“where two or three are gathered together in my name, there am I in the midst of them.” (Matthew 18:20)

Those are some of my experiences with the first two of Elder Uchtdorf’s bullet points on how we have been prophetically prepared — an emphasis on the Sabbath day and the Sacrament, and the Come Follow Me program. These first two points prepared us for wonderful opportunities in home-centered, Church-supported worship even during this year of COVID-19. As such, they are somewhat inward-looking.

In contrast to these inward-looking first two items, the last two items on Elder Uchtdorf’s list of prophetic preparations are more outward-looking: a higher and holier way of ministering, and the use of technology in sharing the gospel and doing the Lord’s work. If his first two bullet points relate to the first great commandment — our love of God, as individuals and families — his second two bullet points pertain to the second great commandment to love our neighbors as ourselves.

Brothers and sisters, I confess that I have been a bit slow on the uptake when it comes to these second two bullet points, especially during the pandemic. I have been so focused on the spiritual blessings of home-centered worship, that I tend to forget that these blessings are not to be hoarded all for myself or for my family. I tend to think that if I don’t have to show up and see my brothers and sisters at Church, or if I am not allowed to see friends and neighbors out in the world, I don’t have to “show up” for them in any sense. It can be easy to bask in the glow of spiritual security at home with our families. But we need to remember that not everyone’s situation at home is like this, and that many feel isolated — either without family, or with family circumstances less conducive to spiritual peace. At times I have felt so blessed in the spiritual cocoon of our home, that it is easy to give in to the introverted side of my personality and take a spiritual vacation from extending myself to others.

But I do not believe this is what the Lord intends. Does he want to bless us as individuals and families? Yes, of course! Does he want us to keep those blessings to ourselves? No, I don’t think so.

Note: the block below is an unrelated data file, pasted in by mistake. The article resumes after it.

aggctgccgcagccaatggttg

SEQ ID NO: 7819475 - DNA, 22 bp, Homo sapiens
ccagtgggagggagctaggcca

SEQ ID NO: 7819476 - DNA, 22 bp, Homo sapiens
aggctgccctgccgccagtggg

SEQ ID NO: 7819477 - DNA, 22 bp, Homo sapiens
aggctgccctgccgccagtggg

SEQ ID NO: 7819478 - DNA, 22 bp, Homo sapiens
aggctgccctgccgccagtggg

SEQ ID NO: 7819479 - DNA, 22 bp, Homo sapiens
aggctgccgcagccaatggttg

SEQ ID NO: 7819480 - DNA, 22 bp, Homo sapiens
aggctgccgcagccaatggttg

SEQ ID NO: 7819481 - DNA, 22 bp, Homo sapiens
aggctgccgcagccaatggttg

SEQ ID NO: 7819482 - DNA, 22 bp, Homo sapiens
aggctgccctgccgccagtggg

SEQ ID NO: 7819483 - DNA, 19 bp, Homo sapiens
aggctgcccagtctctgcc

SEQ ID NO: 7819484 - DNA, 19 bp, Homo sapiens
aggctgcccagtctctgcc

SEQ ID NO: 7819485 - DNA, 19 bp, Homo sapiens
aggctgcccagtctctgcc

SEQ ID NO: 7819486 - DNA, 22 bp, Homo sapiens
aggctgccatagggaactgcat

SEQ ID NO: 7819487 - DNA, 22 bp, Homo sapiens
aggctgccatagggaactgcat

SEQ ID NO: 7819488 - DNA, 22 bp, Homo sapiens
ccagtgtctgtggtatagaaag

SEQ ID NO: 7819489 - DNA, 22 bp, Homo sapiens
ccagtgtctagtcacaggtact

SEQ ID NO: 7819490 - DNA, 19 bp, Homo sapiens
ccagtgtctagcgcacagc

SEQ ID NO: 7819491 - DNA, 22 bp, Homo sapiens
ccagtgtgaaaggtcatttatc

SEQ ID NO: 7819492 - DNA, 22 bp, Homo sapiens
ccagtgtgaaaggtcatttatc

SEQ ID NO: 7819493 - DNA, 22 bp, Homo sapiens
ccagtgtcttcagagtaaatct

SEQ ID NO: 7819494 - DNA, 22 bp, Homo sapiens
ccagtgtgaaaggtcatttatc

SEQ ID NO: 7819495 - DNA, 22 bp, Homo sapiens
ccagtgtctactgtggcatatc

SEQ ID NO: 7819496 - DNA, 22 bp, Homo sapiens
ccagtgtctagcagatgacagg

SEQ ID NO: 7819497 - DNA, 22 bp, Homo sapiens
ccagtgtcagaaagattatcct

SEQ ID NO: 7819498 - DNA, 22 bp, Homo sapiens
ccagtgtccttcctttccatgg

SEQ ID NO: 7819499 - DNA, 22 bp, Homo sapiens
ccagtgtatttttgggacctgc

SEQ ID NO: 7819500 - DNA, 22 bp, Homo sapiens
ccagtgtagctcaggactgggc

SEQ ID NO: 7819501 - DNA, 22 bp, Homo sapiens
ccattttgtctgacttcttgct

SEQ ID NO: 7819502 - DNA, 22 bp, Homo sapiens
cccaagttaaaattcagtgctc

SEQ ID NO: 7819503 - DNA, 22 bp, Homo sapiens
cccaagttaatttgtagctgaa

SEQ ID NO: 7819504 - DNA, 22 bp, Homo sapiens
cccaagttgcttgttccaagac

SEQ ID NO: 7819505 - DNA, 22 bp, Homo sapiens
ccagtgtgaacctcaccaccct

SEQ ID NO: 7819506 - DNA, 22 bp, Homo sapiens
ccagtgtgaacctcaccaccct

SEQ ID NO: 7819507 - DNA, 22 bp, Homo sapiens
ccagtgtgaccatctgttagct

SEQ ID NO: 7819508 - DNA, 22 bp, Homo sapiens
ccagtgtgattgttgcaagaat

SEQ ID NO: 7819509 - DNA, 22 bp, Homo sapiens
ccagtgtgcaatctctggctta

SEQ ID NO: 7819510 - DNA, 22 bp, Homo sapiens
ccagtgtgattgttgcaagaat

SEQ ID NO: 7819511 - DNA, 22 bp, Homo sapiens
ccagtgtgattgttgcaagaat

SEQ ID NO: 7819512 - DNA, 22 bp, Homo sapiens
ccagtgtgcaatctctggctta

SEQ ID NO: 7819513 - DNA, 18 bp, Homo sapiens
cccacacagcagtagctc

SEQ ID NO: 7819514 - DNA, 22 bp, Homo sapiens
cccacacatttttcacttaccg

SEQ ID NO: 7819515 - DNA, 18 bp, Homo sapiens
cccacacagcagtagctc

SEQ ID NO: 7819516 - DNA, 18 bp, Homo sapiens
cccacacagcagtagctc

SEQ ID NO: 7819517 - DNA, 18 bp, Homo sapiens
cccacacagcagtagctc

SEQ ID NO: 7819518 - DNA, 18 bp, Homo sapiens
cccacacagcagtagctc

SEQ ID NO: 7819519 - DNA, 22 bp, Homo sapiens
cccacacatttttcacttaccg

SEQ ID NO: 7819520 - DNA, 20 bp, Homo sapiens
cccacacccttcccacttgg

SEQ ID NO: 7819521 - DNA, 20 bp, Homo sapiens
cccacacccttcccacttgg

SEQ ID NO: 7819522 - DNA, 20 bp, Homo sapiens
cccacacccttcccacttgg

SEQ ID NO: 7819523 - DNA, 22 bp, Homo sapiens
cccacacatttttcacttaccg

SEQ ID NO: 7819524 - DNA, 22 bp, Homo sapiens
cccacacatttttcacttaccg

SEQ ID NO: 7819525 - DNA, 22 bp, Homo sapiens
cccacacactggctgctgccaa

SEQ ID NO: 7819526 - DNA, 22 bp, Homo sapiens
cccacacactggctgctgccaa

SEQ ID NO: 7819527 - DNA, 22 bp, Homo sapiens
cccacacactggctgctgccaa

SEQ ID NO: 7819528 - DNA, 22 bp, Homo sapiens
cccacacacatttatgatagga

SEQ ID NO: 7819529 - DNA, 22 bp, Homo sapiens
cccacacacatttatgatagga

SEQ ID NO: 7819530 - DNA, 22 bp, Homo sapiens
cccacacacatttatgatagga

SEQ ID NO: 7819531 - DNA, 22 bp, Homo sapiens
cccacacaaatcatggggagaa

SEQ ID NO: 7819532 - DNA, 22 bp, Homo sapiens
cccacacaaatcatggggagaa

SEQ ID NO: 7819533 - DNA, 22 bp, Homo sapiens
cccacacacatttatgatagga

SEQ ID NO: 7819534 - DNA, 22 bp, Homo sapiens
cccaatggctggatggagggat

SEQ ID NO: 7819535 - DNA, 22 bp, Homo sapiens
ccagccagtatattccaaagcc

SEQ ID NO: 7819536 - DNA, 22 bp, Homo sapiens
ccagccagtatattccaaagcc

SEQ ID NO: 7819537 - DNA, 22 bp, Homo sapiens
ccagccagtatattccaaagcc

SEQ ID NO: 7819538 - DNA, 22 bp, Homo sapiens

This is why King Benjamin’s words impact me. For many of us in the midst of this pandemic,

God who has created you …has kept and preserved you, and has caused that ye should rejoice, and has granted that ye should live in peace one with another. (Mosiah 2:20)

We have been taught that through home-centered worship we could

always retain in remembrance, the greatness of God, …calling on the name of the Lord daily, and standing steadfastly in the faith of that which is to come…. And behold, I say unto you that if ye do this ye shall always rejoice, and be filled with the love of God. (Mosiah 4:11–12)

But then Benjamin teaches that the love of God leads to love for our neighbor.

O then, how ye ought to impart of the substance that ye have one to another. (Mosiah 4:21)

When we think of “substance,” what comes to mind most immediately are temporal things — food, clothing, shelter, medical care — the tangible necessities of physical life. And Jesus taught in no uncertain terms that loving our neighbor in these ways is what will separate the sheep from the goats (Matthew 25). It speaks well of the Saints that, as President Nelson reported, despite widespread unemployment and economic damage, fast offerings and contributions to the humanitarian fund have actually increased during the pandemic, apparently spontaneously, without any special emphasis from Church leaders (Elder Jaggi, “Let Patience Have Her Perfect Work, and Count It All Joy!”, October 2020). In general conference last weekend he noted that “the Church has provided pandemic humanitarian aid for 895 projects in 150 countries” (“Moving Forward,” October 2020).

In addition to this, Benjamin points beyond physical necessities:

ye should impart of your substance … both spiritually and temporally. (Mosiah 4:26)